Patlabor Movie (1989): The Movie
機動警察パトレイバー the Movie (Kidō Keisatsu Patoreibā Za Mūbī)


At the top of a large structure in Tokyo Bay, a scientist walks to the edge and, despite the cries of onlookers, throws himself into the sea to his death. Weeks later, the Special Vehicle Division (SVD) has had little respite due to a recent rash of Labor malfunctions resulting in massive citywide destruction. No one seems to know the cause of the malfunctions; the only hint points to a cover-up involving a military-class Labor going on a rampage — without a pilot. It is soon evident that a disaster of epic proportions is taking shape, and only Gotou, Shinobu, and the SVD can counter it. If they succeed, they will be heroes… but if they fail, they will be the most hated villains in history.
Directed by
Written by
Screenplay by
Music by




July 15, 1989




  • The overall rating of the show.

Poor < Fair < Good < Great


  • Animation quality and consistency for that time. 

Poor < Fair < Good < Great


  • How well the story flows and keeps you engaged.

Poor < Fair < Good < Great


Character design
World building





The Patlabor movie was produced by Bandai Visual, Tohokushinsha and animated by Tatsunoko’s subsidiary studio I.G. Tatsunoko (later Production I.G) and Studio Deen.

Alternative titles

– Kidou Keisatsu Patlabor
– Mobile Police Patlabor: The Movie
– Patlabor
– Patlabor – The Movie
– Patlabor 1
– Patlaborai
– Полиция будущего
– פאטלייבור: הסרט ה-1
– Patlabor – Mobile Police
– Patlabor: La Película
– Kidou Keisatsu Patlabor Gekijouban
– Patlabor Movie 1
– 機動警察パトレイバー 劇場版

TL;DR Review

Patlabor: The Movie (機動警察パトレイバー the Movie Kidō Keisatsu Patoreibā Za Mūbī) is a 1989 anime film directed by Mamoru Oshii, with an original story by Headgear.

The movie has a darker subject than on the TV or OVAs. Where the TV series is often goofy, the movie goes for the suspense and mystery vibe, with a touch of silliness. If you are familiar with Patlabor, this mixed themes may make sense. If this is your first exposure to Patlabor, the blending of the themes may feel mismatched.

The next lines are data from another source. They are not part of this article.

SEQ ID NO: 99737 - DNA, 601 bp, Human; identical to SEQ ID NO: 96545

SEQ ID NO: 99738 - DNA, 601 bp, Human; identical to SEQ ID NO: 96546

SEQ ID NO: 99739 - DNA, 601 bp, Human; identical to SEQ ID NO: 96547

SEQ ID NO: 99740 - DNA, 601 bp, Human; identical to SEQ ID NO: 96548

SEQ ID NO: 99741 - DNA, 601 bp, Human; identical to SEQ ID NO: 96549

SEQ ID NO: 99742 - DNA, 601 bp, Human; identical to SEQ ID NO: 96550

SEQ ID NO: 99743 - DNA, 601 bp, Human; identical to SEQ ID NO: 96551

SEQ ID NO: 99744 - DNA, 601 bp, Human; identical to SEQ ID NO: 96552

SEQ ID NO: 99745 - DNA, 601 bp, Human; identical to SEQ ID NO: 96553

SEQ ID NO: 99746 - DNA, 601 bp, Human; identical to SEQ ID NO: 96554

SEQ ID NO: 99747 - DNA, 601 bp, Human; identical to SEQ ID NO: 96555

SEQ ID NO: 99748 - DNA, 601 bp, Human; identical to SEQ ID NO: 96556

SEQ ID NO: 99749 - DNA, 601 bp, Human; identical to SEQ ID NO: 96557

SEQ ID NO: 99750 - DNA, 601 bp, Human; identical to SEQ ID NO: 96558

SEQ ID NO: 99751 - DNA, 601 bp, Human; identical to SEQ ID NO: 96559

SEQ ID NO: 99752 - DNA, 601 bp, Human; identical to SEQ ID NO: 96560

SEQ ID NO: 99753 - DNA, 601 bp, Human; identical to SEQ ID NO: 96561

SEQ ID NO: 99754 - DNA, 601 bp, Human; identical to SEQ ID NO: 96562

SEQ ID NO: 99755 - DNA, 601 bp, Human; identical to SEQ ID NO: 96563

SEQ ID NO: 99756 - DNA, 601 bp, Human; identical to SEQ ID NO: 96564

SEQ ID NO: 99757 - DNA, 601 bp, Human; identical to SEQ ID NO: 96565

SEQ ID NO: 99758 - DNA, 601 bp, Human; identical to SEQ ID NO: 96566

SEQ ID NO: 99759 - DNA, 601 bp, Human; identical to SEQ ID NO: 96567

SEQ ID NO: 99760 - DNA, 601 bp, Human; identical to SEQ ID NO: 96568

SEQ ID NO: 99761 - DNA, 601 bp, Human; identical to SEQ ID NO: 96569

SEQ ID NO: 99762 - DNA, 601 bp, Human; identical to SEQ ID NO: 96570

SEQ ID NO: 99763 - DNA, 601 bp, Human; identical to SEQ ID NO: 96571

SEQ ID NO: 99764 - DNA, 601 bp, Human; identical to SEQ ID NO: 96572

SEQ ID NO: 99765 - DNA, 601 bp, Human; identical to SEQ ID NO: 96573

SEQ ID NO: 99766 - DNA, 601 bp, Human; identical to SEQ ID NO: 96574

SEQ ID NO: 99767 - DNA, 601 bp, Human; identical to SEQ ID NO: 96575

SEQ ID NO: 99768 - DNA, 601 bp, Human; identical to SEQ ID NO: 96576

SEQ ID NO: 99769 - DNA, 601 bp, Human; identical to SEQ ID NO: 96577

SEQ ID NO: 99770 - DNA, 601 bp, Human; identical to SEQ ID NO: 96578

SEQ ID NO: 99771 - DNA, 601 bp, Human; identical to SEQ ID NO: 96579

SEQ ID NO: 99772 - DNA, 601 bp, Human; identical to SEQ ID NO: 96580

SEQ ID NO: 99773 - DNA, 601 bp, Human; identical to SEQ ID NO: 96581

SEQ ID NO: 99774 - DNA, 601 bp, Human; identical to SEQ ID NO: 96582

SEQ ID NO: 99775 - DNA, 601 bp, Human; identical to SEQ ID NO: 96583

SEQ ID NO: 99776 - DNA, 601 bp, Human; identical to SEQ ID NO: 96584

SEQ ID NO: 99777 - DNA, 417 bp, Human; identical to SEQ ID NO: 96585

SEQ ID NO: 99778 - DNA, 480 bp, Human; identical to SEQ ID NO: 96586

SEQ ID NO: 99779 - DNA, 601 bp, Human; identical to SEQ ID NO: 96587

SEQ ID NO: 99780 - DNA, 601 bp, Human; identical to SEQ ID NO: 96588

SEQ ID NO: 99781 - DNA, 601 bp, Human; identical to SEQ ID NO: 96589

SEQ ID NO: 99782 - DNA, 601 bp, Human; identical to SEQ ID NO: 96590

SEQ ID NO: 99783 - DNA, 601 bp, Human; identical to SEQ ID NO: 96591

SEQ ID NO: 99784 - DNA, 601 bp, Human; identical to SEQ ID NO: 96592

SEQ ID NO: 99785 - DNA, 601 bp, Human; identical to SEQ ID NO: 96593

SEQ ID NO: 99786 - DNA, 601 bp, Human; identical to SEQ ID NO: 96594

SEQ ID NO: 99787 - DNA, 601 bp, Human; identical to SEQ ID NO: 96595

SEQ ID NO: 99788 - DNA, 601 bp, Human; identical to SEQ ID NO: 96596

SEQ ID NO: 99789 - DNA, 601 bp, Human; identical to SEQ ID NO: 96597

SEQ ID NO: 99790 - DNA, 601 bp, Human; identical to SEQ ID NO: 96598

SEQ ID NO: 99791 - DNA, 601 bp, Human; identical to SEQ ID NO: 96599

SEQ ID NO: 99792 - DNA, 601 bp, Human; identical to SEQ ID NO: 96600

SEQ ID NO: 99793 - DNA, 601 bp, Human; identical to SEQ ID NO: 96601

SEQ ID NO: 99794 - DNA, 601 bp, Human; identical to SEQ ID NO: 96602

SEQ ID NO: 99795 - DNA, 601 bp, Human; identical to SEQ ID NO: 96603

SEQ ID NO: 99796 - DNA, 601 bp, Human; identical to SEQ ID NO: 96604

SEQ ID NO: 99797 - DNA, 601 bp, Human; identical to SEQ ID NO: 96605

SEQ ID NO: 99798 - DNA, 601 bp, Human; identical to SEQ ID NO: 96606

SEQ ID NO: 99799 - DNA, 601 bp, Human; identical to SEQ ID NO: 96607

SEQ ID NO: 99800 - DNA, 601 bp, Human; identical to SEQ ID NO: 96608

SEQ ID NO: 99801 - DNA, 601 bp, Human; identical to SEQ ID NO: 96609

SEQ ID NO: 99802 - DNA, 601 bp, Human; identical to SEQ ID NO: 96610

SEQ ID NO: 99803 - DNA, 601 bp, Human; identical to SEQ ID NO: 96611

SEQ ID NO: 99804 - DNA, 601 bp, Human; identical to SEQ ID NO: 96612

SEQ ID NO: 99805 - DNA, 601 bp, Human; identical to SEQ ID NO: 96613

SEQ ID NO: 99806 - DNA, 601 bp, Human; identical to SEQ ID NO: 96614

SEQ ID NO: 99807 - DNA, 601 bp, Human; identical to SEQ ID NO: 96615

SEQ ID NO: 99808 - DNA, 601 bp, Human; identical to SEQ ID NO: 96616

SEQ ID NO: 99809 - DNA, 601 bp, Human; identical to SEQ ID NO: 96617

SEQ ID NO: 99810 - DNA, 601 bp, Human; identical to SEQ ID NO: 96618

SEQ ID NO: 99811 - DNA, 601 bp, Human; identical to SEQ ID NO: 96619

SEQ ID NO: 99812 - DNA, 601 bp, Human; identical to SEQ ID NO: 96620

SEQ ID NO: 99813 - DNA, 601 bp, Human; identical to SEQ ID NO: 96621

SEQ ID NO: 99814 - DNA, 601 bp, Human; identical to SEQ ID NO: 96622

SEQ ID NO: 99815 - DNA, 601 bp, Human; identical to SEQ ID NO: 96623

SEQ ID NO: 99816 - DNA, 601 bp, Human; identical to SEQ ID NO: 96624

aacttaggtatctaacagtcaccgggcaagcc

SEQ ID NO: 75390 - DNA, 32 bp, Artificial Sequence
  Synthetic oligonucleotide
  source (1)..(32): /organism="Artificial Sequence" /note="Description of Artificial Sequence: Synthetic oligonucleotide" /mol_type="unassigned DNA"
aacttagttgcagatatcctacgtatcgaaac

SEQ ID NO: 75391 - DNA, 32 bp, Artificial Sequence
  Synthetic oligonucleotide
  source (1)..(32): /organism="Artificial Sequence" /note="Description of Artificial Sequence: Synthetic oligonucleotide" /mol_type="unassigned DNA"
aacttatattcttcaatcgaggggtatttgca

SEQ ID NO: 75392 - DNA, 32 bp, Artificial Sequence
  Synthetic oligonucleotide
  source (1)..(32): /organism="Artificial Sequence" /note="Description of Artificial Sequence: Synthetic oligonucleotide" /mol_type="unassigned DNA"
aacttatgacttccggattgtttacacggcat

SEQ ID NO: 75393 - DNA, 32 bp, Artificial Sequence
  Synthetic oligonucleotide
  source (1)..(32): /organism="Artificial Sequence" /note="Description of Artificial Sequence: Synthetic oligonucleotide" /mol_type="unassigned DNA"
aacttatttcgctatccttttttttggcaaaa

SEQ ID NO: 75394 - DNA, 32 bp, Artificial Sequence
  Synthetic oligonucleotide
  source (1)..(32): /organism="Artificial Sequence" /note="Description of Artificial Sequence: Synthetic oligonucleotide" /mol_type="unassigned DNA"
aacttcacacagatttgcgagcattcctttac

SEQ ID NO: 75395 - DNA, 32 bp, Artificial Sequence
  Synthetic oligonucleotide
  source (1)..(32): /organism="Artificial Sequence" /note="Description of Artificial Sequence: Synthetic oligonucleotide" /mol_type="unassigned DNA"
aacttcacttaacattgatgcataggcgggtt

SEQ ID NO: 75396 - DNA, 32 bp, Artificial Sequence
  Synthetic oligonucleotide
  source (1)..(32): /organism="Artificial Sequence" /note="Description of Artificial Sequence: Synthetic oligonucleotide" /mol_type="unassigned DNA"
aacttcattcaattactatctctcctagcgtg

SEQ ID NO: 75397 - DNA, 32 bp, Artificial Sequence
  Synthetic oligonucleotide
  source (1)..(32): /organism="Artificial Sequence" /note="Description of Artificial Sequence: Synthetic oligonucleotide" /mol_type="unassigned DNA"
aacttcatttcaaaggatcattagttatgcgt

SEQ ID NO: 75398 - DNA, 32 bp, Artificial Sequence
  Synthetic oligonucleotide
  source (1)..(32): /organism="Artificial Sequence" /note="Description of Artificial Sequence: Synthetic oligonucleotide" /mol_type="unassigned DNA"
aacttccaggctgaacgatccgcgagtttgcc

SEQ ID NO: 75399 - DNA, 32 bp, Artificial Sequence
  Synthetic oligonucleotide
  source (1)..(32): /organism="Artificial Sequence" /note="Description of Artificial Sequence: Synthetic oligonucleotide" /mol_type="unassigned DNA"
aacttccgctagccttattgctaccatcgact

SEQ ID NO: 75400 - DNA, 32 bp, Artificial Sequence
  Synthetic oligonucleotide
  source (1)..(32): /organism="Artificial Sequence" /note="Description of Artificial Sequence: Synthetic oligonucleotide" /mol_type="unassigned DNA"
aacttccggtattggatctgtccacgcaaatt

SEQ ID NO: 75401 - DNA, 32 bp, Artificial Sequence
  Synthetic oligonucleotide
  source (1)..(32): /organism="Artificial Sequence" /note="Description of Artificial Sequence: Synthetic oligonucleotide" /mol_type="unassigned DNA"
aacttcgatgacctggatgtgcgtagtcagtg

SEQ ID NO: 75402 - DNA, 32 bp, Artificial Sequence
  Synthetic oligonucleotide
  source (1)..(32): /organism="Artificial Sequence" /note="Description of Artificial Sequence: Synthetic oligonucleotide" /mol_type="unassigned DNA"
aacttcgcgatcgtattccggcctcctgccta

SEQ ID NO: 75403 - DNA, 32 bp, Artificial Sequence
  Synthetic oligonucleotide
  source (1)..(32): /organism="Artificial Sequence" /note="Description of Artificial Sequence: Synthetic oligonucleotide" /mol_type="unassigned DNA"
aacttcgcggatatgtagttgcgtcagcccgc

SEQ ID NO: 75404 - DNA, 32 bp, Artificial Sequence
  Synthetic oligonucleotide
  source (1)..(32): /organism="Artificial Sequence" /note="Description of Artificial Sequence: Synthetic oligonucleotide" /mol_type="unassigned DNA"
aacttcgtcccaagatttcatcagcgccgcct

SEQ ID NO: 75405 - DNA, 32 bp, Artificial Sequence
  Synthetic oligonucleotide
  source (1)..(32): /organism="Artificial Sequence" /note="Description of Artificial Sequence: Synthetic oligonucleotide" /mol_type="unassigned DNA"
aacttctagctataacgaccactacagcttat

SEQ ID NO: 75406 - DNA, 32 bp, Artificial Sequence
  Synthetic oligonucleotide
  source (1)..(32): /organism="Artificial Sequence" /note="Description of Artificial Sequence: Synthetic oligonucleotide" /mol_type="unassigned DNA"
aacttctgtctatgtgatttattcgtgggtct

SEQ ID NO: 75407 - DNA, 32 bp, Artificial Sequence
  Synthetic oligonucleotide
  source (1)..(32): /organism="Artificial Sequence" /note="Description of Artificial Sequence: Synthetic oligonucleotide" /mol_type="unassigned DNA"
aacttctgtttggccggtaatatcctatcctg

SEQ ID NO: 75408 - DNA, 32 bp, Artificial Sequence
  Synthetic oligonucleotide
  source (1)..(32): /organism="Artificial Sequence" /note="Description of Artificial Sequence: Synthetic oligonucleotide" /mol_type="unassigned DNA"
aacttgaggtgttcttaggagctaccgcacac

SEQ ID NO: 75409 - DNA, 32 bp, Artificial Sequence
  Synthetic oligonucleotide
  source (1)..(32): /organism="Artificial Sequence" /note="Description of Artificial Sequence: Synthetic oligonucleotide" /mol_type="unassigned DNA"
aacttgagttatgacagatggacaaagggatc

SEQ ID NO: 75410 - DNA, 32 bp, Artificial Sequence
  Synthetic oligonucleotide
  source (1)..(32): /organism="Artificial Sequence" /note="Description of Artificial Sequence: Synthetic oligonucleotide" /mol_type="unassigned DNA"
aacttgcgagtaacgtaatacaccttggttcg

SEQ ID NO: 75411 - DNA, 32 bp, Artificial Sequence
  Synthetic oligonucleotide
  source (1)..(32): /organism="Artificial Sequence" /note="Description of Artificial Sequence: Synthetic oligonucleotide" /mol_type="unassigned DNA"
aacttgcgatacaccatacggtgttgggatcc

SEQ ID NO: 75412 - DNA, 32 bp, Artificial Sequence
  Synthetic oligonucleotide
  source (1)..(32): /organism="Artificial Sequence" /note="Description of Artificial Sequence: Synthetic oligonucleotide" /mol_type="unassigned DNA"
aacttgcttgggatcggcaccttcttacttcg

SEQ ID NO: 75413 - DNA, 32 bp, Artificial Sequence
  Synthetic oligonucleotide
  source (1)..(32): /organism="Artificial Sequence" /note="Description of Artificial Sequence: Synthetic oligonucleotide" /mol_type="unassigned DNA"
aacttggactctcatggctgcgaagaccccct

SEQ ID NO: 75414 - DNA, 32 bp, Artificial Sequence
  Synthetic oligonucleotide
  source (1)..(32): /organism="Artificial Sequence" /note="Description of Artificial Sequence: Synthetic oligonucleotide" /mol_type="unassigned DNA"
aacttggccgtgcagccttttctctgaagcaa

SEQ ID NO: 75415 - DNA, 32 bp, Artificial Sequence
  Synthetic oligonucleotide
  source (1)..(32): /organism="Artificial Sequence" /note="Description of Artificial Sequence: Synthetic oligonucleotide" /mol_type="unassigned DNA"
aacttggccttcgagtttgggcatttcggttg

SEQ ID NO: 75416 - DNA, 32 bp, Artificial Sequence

The animation and art are crisp, detailed, and elegant. Unfortunately, there’s a lot of gorgeous scenes of people just talking. The film is dialogs heavy. There is a lot of expositions and people chatting through most of the movie. This part can be quite dull, even though the riddle behind the scheme is intriguing.

Surprisingly, or rather not surprisingly, all the crews of the Patlabor police force survive at the end. I won’t spoil what they went through at the end, but it is a marvel that they all survived such a situation. Despite how much the movie want to build up anxiety and uncertainty, Patlabor is not that type of a show. You’ll never have a sense of danger for the crew.

Despite my criticisms on the movie, I do love the Patlabor series. It is one of the few giant mech shows where science fiction is still moderately grounded in realism. You won’t see crazy Gundam type of mech here. It is an incredible world where it could conceivably be possible in the future. Well, at least possible only in Japan.

I do recommend this movie to fans of the Patlabor series. You may still enjoy it even if you’ve never seen Patlabor, but I would suggest seeing some of the TV or OVAs first to get familiar with the tone of the show. Patlabor contains some graphic violence. Intended for young adults.

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Insert/Image Theme

– “Yakusoku no Tochi e” by Kasahara Hiroko
– “Yuuki o Tsubasa ni Shite” by Kasahara Hiroko



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